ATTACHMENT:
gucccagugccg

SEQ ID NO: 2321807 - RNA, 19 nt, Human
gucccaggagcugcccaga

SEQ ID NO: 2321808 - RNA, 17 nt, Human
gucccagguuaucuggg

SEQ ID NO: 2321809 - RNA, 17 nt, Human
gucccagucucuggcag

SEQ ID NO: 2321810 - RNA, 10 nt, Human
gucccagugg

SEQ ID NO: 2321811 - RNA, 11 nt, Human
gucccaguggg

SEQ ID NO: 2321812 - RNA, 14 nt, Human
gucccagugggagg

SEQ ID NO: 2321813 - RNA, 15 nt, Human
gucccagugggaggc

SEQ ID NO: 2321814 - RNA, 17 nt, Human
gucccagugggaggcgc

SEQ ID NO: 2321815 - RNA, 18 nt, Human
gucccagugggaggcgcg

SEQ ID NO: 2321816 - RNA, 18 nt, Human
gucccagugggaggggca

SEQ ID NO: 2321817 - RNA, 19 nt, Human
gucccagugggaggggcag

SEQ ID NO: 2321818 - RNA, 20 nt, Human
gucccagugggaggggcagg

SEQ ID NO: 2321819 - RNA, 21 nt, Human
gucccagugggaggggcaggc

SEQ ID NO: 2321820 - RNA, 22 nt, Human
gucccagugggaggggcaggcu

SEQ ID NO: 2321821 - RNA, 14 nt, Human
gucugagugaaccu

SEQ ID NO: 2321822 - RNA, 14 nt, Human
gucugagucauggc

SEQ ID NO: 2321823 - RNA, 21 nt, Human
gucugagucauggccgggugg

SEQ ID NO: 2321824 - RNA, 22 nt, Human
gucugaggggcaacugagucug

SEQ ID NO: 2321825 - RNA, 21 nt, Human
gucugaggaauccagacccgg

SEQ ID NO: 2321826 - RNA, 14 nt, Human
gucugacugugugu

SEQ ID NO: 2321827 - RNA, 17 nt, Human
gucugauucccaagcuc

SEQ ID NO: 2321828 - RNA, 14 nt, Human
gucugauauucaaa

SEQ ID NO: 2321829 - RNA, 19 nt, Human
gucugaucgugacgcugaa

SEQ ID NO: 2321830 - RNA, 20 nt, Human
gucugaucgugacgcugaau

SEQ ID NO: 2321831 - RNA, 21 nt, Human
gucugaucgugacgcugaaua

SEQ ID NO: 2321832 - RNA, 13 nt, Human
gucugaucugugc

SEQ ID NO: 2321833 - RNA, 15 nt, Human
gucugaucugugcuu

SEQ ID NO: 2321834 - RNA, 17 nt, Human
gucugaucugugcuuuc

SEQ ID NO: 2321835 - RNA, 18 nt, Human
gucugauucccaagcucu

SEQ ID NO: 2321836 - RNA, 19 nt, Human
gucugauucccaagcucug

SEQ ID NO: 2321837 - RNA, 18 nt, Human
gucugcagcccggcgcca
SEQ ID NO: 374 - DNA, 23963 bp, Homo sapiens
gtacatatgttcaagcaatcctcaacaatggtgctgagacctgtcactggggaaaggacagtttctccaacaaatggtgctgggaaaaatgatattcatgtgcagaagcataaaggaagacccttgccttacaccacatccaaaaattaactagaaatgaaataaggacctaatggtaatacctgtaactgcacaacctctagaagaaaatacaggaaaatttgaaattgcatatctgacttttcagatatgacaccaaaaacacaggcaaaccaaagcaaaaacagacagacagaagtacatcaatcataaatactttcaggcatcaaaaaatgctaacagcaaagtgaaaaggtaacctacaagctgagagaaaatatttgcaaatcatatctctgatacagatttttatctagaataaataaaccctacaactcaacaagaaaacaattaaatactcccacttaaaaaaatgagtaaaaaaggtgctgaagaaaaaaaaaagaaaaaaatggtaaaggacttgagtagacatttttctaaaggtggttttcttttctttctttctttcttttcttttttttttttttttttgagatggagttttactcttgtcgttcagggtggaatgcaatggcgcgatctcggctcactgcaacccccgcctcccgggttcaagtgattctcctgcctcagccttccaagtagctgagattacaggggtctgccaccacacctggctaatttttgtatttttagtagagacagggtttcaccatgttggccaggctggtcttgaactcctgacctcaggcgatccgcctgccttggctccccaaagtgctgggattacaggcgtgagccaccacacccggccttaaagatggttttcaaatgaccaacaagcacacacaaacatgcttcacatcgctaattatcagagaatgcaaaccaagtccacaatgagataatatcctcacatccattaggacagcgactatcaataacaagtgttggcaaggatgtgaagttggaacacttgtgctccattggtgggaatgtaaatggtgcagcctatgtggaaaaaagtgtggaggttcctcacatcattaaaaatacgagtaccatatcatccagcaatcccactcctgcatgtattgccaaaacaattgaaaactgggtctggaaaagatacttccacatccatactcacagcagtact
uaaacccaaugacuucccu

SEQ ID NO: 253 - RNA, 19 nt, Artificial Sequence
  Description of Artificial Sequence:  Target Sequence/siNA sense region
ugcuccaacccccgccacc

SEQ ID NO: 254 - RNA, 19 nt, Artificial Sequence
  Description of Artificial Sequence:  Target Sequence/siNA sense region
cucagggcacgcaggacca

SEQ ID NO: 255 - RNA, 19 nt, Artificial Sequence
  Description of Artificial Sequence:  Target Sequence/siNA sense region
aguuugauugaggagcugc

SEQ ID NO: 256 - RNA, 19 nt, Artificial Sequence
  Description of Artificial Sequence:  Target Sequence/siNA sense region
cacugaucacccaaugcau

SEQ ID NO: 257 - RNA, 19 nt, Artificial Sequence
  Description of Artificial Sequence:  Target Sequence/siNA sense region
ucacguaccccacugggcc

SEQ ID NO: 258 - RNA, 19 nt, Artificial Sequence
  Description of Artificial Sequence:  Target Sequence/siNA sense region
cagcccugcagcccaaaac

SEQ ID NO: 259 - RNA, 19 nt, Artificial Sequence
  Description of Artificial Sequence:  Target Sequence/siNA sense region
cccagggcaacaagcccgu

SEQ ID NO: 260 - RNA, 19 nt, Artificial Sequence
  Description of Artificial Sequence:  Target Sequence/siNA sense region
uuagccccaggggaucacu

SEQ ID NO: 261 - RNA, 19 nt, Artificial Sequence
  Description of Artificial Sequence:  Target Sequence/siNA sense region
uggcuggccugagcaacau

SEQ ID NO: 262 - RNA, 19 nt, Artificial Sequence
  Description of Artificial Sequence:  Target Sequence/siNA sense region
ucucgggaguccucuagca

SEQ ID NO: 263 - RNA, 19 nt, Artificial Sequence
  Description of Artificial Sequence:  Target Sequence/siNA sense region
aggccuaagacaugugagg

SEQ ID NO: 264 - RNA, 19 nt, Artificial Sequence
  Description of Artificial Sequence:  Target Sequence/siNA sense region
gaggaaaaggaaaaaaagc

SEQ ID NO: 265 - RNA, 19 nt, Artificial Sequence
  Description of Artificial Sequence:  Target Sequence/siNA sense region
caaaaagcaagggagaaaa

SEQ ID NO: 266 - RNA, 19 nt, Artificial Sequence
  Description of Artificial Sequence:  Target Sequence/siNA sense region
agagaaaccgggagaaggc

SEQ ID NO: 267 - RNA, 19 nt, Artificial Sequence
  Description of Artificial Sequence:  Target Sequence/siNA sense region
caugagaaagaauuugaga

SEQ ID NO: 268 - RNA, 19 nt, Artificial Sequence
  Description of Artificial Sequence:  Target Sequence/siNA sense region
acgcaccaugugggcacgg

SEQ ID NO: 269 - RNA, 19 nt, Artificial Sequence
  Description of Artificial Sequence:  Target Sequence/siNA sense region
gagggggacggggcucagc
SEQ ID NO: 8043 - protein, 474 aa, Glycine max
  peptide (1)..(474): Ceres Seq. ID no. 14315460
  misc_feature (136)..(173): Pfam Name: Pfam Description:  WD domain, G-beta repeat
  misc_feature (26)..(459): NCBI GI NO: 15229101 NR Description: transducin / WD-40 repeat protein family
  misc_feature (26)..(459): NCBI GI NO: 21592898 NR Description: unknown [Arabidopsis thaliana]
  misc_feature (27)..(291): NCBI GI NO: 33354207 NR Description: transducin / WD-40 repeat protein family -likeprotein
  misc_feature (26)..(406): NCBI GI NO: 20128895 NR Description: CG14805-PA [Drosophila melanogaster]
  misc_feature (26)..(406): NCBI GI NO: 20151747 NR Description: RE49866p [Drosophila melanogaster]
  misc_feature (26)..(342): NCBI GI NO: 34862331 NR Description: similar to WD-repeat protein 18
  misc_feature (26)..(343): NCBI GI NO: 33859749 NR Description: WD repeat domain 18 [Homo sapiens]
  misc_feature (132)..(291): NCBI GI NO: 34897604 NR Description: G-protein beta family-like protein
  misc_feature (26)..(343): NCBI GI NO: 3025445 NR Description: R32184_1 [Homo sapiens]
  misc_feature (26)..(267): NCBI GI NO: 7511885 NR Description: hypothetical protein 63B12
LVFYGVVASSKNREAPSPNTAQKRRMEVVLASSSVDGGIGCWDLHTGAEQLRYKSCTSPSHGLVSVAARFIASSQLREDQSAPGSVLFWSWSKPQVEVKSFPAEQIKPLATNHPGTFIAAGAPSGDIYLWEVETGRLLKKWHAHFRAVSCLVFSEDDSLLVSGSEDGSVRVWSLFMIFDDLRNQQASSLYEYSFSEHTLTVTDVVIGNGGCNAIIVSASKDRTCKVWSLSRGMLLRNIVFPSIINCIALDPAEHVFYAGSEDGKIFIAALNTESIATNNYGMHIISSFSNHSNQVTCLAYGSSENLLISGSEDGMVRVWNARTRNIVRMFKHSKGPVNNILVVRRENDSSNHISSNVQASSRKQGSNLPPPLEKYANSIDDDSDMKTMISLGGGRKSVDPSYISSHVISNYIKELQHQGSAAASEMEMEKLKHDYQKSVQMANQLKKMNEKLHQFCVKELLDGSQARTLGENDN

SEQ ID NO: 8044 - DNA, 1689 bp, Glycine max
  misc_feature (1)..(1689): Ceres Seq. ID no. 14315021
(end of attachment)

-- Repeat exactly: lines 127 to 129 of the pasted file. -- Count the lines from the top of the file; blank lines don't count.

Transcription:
  misc_feature (26)..(343): NCBI GI NO: 33859749 NR Description: WD repeat domain 18 [Homo sapiens]
  misc_feature (132)..(291): NCBI GI NO: 34897604 NR Description: G-protein beta family-like protein
  misc_feature (26)..(343): NCBI GI NO: 3025445 NR Description: R32184_1 [Homo sapiens]